| The Mosque of Ahmad Ibn Ţūlūn is located in Cairo, Egypt. It is arguably the oldest mosque in the city surviving in its original form, and is the largest mosque in Cairo in terms of land area. |The Mosque of Ahmad Ibn Ţūlūn is located in Cairo, Egypt. It is arguably the oldest mosque in the city surviving in its original form, and is the largest mosque in Cairo in terms of land area. |The Mosque of Ahmad Ibn Ţūlūn is located in Cairo, Egypt. It is arguably the oldest mosque in the city surviving in its original form, and is the largest mosque in Cairo in terms of land area. |The Mosque of Ahmad Ibn Ţūlūn is located in Cairo, Egypt. It is arguably the oldest mosque in the city surviving in its original form, and is the largest mosque in Cairo in terms of land area. |The Mosque of Ahmad Ibn Ţūlūn is located in Cairo, Egypt. It is arguably the oldest mosque in the city surviving in its original form, and is the largest mosque in Cairo in terms of land area. |The Mosque of Ahmad Ibn Ţūlūn is located in Cairo, Egypt. It is arguably the oldest mosque in the city surviving in its original form, and is the largest mosque in Cairo in terms of land area. |The Mosque of Ahmad Ibn Ţūlūn is located in Cairo, Egypt. It is arguably the oldest mosque in the city surviving in its original form, and is the largest mosque in Cairo in terms of land area. | Mosque of Ibn Tulun|Mosque of Ibn Tulun|Mosque of Ibn Tulun|Mosque of Ibn Tulun|Mosque of Ibn Tulun|Mosque of Ibn Tulun|Mosque of Ibn Tulun|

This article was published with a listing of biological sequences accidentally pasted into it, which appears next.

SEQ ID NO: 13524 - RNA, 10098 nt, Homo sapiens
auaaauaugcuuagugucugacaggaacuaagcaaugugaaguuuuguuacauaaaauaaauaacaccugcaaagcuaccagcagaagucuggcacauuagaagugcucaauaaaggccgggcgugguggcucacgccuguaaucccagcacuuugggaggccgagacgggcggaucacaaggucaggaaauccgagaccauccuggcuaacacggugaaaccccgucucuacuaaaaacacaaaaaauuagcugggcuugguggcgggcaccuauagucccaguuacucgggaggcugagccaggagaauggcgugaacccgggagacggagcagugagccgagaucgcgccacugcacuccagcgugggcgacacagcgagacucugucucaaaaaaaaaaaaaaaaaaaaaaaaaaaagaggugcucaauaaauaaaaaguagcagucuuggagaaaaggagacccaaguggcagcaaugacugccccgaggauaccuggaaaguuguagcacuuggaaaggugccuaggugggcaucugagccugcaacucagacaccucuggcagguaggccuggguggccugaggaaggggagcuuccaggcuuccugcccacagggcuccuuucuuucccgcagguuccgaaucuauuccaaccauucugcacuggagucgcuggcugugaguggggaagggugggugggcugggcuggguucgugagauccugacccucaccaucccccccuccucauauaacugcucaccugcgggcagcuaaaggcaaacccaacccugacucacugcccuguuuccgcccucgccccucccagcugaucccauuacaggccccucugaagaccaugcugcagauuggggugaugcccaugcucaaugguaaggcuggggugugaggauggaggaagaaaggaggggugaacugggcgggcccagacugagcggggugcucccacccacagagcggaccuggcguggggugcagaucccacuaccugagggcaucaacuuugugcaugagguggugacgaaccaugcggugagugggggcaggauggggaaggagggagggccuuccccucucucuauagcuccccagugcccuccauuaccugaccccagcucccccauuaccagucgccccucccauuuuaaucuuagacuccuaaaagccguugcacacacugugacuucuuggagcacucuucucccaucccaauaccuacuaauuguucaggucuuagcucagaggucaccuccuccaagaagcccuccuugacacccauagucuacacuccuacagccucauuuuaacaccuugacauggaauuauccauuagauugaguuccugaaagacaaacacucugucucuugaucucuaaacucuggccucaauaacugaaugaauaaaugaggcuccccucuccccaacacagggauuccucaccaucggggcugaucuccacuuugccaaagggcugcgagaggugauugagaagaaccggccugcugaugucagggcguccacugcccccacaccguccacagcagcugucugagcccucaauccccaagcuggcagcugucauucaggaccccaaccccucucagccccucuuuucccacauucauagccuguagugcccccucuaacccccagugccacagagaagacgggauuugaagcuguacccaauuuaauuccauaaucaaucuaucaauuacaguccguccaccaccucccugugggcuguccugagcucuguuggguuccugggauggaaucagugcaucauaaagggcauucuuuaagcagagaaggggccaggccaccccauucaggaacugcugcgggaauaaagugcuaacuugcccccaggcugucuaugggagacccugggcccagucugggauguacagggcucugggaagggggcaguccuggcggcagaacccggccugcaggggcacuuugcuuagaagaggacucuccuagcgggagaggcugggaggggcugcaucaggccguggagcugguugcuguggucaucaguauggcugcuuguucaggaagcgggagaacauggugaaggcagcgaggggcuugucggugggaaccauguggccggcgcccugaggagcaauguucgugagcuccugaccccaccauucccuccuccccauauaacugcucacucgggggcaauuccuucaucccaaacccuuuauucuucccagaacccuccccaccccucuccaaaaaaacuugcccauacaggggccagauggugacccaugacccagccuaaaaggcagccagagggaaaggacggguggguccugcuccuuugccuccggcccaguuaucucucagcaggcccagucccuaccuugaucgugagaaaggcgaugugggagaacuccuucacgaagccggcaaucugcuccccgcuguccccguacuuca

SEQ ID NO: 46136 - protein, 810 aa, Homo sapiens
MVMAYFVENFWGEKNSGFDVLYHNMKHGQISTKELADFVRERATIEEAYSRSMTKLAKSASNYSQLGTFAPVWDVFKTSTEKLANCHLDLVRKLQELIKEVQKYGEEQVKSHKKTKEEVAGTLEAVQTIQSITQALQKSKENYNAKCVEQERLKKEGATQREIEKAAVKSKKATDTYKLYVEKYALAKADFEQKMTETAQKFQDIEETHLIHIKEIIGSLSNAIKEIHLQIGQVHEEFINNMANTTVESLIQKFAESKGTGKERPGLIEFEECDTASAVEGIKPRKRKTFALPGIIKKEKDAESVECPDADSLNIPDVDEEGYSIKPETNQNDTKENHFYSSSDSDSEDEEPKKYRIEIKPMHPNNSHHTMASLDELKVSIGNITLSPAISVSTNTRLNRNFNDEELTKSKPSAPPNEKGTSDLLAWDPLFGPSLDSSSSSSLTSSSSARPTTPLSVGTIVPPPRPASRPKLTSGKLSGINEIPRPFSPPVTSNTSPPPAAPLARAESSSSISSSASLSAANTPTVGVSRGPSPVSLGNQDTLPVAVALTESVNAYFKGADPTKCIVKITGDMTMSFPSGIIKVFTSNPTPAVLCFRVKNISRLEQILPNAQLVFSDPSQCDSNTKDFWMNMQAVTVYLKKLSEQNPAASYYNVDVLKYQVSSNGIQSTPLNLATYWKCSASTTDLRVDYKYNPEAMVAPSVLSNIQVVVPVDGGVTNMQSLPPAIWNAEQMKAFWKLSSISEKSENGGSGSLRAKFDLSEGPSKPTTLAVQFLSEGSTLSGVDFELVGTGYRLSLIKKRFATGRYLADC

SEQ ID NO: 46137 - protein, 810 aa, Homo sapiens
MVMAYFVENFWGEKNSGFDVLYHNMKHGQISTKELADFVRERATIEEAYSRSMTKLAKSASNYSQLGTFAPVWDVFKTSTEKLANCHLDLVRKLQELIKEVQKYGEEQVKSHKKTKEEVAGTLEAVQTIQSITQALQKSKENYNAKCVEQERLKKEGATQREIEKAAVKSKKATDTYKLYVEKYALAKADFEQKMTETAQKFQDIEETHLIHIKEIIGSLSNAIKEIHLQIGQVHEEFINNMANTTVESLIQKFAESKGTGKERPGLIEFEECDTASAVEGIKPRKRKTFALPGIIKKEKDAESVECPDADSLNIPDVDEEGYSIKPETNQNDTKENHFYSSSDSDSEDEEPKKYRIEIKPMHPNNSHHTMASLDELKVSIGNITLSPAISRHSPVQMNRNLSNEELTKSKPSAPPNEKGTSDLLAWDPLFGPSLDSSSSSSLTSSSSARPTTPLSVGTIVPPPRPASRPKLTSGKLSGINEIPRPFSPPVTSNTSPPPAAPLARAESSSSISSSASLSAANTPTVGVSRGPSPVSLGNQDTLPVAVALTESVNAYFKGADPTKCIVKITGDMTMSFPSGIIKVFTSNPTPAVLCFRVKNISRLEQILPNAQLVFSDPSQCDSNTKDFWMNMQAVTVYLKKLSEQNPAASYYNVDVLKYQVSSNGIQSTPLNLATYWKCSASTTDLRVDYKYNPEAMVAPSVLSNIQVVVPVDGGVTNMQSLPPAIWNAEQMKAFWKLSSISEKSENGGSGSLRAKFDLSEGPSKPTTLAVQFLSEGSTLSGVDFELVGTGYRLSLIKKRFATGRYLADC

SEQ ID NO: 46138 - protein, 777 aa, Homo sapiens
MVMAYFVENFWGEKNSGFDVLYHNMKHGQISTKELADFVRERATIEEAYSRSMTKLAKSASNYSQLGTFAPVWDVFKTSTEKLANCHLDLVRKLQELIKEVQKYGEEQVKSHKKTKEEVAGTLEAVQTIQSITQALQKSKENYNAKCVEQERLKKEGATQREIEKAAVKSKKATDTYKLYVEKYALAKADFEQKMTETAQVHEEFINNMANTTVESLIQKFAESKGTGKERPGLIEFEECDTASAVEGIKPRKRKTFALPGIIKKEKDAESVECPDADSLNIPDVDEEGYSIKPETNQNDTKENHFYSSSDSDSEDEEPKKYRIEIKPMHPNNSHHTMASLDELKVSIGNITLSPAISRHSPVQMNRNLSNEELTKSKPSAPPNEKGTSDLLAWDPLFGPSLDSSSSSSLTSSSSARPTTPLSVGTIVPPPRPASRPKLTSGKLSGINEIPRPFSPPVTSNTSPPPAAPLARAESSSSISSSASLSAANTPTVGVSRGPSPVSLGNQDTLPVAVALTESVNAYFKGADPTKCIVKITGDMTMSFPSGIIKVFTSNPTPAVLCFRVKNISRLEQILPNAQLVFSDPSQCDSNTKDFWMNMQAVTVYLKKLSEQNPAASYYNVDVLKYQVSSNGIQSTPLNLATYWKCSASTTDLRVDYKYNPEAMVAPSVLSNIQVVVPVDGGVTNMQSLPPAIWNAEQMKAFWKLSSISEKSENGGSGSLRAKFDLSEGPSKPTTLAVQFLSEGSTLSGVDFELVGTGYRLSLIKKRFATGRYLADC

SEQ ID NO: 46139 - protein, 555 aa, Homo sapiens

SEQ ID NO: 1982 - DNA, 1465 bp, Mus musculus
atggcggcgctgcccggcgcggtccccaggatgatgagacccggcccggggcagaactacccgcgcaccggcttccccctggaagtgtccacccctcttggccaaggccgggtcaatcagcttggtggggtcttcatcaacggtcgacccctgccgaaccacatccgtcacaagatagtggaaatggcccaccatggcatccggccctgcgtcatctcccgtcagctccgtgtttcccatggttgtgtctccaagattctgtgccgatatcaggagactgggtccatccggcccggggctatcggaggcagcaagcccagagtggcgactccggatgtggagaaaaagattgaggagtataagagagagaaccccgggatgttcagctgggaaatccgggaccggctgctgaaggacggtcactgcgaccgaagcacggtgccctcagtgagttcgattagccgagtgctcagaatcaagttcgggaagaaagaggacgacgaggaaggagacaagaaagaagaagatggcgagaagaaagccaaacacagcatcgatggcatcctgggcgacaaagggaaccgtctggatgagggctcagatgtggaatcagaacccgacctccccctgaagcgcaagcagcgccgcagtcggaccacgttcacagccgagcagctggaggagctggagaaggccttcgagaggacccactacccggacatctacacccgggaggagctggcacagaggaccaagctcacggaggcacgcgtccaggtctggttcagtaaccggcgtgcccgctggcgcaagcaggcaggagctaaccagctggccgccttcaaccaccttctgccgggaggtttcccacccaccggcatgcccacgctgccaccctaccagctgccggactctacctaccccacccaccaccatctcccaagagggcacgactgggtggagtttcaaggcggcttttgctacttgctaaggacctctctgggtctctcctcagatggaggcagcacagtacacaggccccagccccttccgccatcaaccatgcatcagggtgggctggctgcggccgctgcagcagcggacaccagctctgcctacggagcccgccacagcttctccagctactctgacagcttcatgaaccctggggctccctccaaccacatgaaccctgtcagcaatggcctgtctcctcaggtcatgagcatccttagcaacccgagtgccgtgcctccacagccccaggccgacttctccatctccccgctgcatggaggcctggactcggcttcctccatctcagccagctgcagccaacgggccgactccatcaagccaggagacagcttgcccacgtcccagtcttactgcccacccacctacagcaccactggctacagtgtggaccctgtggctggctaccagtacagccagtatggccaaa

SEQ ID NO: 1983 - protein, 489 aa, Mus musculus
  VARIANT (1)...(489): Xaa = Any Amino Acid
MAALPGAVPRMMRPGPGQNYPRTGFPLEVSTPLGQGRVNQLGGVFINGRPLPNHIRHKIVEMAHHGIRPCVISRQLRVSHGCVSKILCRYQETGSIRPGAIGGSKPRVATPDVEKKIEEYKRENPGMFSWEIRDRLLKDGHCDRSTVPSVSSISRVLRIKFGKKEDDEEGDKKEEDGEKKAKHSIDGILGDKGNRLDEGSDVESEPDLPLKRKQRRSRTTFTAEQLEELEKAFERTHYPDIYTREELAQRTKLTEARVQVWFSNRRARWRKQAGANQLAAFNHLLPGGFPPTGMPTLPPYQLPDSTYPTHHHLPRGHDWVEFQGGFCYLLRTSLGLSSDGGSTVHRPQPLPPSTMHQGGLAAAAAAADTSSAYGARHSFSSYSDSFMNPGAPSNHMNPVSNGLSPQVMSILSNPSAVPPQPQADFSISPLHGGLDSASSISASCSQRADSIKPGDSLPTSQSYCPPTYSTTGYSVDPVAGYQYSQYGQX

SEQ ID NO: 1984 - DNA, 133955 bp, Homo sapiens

20/02/2017